Posted by: Craig Woolheater on August 27th, 2014
Crypto-fiction review: Kronos Rising
Reviewed by: Matt Bille
Far From the Tree Press
2013 (updated edition)
“Creature” novels usually have two faults: the hand-waving of the science and the inability of the author to keep our attention when the creature is off stage. Hawthorne’s novel succeeds on the second count and is entertaining despite holes in the science.
So to give the good news first, Hawthorne can write. Some of his characters (the two-fisted lawman, the woman scientist) are tropes of this genre, but Hawthorne writes them colorfully and sure-footedly. Everyone has an interesting backstory, which helps us cheer on the heroes and slightly humanizes the villains. (One odd note here: the novel’s repeated reference to champion fencers being national figures and having a professional tour is so weird I assume Hawthorne means it as a kind of running gag.)
Hawthorne knows the sea, and the ocean scenes are authentic and suspenseful. We spend time on several ships, and all of them are described in interesting detail. We feel the rocking of the waves and smell the salt air.
Finally, Hawthorne is good at plotting and pacing. The book races along, and only the drawn-out climax seems too long.
So it’s eminently readable. The science needs some work.
Hawthorne’s villain is an evolved species of kronosaur, close to a hundred feet long and weighing a hundred tons. That’s a lot bigger than any historical pliosaur, but this IS fiction, and I give Hawthorne a pass there.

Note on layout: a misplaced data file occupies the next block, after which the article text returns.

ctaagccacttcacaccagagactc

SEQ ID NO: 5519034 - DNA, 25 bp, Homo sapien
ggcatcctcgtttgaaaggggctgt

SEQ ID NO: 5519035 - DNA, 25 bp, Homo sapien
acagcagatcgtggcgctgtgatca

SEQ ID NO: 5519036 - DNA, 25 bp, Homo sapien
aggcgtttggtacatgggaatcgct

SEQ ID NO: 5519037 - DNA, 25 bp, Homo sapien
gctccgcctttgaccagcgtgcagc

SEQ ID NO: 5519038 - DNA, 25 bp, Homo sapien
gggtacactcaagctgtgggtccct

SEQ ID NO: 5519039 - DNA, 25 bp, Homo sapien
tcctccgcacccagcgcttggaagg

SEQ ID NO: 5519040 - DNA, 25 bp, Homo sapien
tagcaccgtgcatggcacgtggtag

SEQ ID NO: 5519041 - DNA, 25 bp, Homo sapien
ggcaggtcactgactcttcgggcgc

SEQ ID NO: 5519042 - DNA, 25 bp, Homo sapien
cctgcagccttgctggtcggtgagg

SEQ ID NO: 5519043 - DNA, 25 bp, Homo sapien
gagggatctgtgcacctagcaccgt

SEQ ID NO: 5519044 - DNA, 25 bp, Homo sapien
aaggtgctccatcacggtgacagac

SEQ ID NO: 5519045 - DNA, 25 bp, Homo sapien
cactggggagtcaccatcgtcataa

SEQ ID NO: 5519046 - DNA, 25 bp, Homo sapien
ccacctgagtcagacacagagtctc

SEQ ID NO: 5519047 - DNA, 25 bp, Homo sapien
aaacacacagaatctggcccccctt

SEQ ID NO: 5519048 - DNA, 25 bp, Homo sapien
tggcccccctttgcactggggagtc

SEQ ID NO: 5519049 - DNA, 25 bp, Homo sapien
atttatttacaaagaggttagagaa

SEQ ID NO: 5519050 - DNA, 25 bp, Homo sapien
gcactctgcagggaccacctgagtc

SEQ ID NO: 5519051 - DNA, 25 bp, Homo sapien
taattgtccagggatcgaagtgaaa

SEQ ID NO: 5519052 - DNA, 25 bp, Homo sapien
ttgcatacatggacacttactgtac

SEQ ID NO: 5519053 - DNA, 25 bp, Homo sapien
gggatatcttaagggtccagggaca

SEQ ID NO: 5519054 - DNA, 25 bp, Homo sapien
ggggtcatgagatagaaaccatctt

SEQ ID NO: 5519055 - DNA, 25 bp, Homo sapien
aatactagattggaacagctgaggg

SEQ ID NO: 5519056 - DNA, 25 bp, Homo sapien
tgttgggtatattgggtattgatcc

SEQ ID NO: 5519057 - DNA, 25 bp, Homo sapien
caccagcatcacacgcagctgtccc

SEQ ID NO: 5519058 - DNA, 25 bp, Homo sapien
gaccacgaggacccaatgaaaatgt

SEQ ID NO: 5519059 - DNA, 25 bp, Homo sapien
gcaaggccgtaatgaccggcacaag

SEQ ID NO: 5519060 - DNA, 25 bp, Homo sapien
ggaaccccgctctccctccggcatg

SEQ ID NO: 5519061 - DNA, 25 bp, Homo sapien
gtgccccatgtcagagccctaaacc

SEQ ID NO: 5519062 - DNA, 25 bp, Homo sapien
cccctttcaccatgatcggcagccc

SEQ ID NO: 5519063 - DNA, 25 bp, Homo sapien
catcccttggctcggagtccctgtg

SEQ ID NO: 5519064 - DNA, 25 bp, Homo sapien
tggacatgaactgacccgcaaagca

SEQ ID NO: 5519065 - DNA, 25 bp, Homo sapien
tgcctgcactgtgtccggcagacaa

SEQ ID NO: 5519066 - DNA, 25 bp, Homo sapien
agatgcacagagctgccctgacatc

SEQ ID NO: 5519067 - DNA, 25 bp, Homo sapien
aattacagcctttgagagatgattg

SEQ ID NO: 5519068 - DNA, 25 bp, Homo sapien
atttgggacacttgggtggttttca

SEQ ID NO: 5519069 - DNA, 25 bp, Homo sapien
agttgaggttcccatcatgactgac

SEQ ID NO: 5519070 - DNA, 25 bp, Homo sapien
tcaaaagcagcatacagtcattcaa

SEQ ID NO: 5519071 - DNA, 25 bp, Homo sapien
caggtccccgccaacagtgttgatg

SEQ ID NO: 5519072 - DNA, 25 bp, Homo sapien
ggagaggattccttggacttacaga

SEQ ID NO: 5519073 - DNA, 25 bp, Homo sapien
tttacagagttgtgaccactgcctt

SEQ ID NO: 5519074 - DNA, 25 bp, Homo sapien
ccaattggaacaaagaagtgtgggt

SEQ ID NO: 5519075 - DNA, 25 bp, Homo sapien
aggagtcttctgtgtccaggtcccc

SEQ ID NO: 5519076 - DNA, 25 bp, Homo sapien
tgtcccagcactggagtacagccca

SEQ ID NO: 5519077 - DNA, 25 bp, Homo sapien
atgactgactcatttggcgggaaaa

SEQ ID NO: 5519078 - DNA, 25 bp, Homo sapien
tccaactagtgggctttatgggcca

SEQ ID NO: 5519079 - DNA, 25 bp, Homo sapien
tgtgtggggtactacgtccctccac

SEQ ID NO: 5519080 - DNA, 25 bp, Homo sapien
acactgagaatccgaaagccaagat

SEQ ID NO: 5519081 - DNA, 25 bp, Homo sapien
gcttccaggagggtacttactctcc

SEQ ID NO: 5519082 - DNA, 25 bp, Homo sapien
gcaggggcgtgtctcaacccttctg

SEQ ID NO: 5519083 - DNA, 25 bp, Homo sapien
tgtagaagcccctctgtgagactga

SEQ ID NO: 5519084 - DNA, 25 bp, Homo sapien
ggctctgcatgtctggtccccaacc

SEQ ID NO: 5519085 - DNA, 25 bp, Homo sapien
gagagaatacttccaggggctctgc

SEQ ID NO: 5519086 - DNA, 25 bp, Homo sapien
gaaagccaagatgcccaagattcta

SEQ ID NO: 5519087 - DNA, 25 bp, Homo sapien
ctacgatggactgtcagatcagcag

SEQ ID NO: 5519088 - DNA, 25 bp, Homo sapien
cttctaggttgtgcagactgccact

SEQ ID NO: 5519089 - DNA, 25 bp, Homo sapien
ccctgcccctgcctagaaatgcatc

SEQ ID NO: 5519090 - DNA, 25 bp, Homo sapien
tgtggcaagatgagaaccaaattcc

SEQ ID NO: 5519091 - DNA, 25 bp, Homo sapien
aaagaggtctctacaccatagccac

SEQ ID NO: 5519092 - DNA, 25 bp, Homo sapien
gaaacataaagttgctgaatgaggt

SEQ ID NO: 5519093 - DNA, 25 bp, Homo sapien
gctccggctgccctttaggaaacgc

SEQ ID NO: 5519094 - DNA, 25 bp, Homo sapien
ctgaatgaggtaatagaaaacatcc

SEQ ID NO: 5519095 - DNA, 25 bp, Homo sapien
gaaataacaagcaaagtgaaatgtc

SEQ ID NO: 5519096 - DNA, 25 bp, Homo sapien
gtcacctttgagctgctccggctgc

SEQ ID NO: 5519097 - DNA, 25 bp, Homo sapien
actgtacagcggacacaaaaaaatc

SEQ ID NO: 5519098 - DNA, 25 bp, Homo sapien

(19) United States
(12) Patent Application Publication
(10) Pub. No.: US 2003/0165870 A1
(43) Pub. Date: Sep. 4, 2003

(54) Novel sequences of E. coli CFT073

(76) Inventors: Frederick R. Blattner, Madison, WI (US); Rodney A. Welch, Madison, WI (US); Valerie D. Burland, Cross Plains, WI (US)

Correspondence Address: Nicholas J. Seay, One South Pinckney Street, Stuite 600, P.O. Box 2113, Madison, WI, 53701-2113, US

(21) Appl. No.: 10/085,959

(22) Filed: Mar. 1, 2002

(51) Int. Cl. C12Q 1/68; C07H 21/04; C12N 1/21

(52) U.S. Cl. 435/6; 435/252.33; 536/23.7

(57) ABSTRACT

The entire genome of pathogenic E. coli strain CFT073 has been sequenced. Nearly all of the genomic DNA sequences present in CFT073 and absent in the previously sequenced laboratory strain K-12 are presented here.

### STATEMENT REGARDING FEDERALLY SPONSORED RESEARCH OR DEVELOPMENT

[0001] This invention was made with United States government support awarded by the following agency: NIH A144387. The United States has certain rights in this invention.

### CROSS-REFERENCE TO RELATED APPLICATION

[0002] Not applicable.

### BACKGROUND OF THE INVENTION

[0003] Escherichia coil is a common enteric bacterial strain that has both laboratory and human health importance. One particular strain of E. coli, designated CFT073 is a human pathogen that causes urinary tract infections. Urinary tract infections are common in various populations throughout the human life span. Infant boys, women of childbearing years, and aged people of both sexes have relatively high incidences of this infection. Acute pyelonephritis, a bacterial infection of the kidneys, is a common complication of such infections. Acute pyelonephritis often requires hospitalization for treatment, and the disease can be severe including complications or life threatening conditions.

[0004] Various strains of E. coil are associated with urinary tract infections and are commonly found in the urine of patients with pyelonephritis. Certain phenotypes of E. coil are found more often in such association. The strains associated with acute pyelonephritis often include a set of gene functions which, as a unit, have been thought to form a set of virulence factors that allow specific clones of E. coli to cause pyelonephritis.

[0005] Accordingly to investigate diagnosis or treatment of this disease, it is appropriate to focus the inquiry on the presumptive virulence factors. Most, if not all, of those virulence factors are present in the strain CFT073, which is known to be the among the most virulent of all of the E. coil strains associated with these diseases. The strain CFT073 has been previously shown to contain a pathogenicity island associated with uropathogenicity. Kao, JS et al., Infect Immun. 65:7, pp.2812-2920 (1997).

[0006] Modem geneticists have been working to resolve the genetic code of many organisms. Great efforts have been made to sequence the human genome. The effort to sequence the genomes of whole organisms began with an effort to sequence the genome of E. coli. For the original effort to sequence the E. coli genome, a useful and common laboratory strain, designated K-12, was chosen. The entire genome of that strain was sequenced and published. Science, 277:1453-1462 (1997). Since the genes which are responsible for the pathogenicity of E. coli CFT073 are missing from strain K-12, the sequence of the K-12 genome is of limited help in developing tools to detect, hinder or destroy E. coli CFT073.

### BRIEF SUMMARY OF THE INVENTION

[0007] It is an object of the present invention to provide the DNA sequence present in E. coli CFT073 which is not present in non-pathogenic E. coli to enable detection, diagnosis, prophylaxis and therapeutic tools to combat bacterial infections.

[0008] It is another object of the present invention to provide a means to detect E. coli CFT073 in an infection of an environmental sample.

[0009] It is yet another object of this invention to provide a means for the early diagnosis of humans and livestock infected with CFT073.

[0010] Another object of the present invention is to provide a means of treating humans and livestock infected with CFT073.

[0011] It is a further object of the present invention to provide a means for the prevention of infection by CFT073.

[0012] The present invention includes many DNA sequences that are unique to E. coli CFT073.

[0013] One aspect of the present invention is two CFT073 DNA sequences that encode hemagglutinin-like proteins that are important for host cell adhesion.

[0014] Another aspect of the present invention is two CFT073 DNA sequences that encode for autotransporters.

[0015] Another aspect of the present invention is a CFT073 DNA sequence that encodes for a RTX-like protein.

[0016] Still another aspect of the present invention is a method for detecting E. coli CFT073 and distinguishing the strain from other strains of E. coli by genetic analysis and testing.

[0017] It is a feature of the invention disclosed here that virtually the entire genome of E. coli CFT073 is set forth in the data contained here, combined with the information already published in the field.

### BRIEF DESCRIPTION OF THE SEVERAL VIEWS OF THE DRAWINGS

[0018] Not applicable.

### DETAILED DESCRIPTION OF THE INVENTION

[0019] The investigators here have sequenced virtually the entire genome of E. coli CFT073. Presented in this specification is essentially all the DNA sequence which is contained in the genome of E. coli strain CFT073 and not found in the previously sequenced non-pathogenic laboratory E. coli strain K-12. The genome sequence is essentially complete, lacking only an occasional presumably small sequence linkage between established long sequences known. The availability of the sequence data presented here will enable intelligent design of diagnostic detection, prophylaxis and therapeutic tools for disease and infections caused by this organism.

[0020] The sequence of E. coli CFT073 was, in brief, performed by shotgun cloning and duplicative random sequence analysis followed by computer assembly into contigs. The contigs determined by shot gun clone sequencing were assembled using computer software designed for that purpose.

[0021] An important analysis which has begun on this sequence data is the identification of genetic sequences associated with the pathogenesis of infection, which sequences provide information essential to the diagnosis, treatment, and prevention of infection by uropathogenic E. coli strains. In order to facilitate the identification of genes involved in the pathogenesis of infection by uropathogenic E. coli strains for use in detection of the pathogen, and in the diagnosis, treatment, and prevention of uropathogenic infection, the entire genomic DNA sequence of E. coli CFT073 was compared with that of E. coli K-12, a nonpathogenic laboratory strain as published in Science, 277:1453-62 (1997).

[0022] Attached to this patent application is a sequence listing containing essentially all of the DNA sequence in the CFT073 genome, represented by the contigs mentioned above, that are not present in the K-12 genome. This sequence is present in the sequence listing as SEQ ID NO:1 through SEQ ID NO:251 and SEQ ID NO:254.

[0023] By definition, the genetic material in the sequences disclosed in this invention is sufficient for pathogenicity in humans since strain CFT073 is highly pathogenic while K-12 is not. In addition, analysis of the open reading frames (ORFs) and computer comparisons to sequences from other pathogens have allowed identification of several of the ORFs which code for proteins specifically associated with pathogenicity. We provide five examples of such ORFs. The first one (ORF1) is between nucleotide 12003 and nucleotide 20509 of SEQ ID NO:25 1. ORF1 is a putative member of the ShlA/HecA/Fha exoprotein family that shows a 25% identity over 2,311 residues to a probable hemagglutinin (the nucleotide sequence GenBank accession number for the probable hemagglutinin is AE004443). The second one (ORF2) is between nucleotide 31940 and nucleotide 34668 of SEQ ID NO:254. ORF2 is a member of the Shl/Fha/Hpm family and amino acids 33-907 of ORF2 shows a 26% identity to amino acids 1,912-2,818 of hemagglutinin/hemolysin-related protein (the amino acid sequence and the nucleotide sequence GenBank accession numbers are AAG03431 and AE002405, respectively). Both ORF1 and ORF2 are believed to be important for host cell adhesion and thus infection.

Other mistakes are harder to overlook. That baleen whales echolocate is a thuddingly obvious error, the kind that primes you to look for more errors. And, in the nonfiction background, there are plenty. Species are the wrong size, in the wrong habitat, and they behave however the story requires.
The knonosaurs’ survival to the present is unsatisfactory: Hawthorne presents a story that puts two kronosaurs in a volcanic cone after the K-T asteroid impact, but then leaves them there: presumably they reproduced in a self-contained ecosystem, but it’s not clear. Real kronosaurs didn’t echolocate, although if they’ve been evolving for 65 million years you can’t say it couldn’t happen. The animal’s complex thinking and emotions, like its fast-healing ability and its habit of laying eggs on shore, are well outside plausibility.
This won’t bother anyone just looking for a fun read, because Kronos Rising delivers on the fun: it has plenty of plot twists, roller-coaster suspense, colorful characters, and action. On that score, I got my money’s worth.
Co-founder of Cryptomundo in 2005. I have appeared in or contributed to the following TV programs, documentaries and films: OLN's Mysterious Encounters: "Caddo Critter", Southern Fried Bigfoot, Travel Channel's Weird Travels: "Bigfoot", History Channel's MonsterQuest: "Swamp Stalker", The Wild Man of the Navidad Destination America's Monsters and Mysteries in America: Texas Terror - Lake Worth Monster, Animal Planet's Finding Bigfoot: Return to Boggy Creek and Beast of the Bayou.